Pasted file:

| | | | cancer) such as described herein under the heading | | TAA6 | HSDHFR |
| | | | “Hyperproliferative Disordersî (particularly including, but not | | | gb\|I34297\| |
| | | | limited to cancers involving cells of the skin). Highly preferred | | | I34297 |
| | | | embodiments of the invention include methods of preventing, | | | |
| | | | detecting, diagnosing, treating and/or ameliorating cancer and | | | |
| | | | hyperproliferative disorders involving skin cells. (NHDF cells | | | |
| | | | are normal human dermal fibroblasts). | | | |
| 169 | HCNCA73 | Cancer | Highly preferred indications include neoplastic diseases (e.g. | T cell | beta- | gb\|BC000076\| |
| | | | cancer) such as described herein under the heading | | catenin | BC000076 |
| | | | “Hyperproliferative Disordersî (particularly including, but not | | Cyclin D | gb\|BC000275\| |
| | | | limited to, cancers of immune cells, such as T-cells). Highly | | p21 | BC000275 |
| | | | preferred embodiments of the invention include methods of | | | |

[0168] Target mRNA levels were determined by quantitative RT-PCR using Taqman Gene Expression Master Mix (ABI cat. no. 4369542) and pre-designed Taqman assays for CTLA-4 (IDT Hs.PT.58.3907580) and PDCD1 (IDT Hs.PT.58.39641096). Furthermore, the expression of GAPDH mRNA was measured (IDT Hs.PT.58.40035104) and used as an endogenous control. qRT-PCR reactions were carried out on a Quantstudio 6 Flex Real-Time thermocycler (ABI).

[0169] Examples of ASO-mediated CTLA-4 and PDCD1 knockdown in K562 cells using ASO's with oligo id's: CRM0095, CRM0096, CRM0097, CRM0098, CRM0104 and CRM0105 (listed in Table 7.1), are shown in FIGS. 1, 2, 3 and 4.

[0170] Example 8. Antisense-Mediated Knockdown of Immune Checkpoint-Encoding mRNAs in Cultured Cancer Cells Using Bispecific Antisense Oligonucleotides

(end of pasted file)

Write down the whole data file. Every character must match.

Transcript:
| | | | cancer) such as described herein under the heading | | TAA6 | HSDHFR |
| | | | “Hyperproliferative Disordersî (particularly including, but not | | | gb\|I34297\| |
| | | | limited to cancers involving cells of the skin). Highly preferred | | | I34297 |
| | | | embodiments of the invention include methods of preventing, | | | |
| | | | detecting, diagnosing, treating and/or ameliorating cancer and | | | |
| | | | hyperproliferative disorders involving skin cells. (NHDF cells | | | |
| | | | are normal human dermal fibroblasts). | | | |
| 169 | HCNCA73 | Cancer | Highly preferred indications include neoplastic diseases (e.g. | T cell | beta- | gb\|BC000076\| |
| | | | cancer) such as described herein under the heading | | catenin | BC000076 |
| | | | “Hyperproliferative Disordersî (particularly including, but not | | Cyclin D | gb\|BC000275\| |
| | | | limited to, cancers of immune cells, such as T-cells). Highly | | p21 | BC000275 |
| | | | preferred embodiments of the invention include methods of | | | |

[0168] Target mRNA levels were determined by quantitative RT-PCR using Taqman Gene Expression Master Mix (ABI cat. no. 4369542) and pre-designed Taqman assays for CTLA-4 (IDT Hs.PT.58.3907580) and PDCD1 (IDT Hs.PT.58.39641096). Furthermore, the expression of GAPDH mRNA was measured (IDT Hs.PT.58.40035104) and used as an endogenous control. qRT-PCR reactions were carried out on a Quantstudio 6 Flex Real-Time thermocycler (ABI).

[0169] Examples of ASO-mediated CTLA-4 and PDCD1 knockdown in K562 cells using ASO's with oligo id's: CRM0095, CRM0096, CRM0097, CRM0098, CRM0104 and CRM0105 (listed in Table 7.1), are shown in FIGS. 1, 2, 3 and 4.

[0170] Example 8. Antisense-Mediated Knockdown of Immune Checkpoint-Encoding mRNAs in Cultured Cancer Cells Using Bispecific Antisense Oligonucleotides